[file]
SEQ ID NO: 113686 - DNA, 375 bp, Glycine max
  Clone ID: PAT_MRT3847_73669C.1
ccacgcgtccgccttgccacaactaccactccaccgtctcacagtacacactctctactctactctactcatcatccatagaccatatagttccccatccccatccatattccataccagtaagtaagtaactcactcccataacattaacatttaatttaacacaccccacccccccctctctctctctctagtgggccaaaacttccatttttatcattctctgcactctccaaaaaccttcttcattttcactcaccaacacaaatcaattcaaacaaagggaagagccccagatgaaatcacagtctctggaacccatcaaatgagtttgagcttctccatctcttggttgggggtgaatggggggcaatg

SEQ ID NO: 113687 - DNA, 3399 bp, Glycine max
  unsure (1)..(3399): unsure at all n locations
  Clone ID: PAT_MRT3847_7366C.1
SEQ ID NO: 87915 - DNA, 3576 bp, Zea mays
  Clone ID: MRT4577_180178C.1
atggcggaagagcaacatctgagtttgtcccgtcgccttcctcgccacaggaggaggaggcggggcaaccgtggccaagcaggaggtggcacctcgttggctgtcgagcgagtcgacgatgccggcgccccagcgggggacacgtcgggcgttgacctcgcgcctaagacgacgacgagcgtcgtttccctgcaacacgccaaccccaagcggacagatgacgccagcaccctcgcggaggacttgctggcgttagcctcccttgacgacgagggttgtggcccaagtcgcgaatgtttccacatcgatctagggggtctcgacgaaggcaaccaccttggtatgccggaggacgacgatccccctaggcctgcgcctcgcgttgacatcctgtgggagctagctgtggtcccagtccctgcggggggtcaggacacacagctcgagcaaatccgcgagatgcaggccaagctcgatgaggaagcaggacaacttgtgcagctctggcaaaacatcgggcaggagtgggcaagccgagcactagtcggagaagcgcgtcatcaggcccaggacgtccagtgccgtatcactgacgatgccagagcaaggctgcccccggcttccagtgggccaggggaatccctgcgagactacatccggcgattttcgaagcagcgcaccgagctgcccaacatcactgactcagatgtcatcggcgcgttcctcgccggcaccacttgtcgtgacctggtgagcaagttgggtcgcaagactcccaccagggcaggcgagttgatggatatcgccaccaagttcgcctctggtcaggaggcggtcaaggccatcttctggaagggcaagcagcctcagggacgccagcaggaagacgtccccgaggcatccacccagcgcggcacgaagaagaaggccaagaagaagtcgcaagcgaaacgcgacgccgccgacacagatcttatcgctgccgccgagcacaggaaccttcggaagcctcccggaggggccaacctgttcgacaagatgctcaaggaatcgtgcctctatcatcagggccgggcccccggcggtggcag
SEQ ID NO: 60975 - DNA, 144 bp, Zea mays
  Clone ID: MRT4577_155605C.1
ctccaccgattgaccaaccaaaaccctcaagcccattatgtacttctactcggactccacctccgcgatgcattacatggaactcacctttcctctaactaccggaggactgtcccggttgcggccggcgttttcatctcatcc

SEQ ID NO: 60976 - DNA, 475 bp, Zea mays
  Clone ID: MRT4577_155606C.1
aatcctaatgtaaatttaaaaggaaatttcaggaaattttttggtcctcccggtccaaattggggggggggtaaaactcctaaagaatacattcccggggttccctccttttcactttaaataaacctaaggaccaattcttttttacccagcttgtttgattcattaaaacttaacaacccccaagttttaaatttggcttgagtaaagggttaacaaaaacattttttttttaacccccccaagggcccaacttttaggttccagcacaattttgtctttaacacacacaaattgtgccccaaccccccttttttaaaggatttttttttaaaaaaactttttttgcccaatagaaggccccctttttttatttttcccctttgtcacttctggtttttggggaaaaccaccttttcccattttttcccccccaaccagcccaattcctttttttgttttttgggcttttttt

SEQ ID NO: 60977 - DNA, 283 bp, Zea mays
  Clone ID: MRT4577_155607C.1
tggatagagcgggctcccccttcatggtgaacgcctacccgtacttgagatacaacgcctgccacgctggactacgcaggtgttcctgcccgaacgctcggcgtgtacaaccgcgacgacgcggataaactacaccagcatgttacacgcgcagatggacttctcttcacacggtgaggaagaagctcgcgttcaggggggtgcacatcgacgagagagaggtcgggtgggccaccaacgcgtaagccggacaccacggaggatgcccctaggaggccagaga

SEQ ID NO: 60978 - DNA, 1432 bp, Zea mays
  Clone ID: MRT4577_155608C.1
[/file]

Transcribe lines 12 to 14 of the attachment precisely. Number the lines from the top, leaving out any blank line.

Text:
ctccaccgattgaccaaccaaaaccctcaagcccattatgtacttctactcggactccacctccgcgatgcattacatggaactcacctttcctctaactaccggaggactgtcccggttgcggccggcgttttcatctcatcc

SEQ ID NO: 60976 - DNA, 475 bp, Zea mays
  Clone ID: MRT4577_155606C.1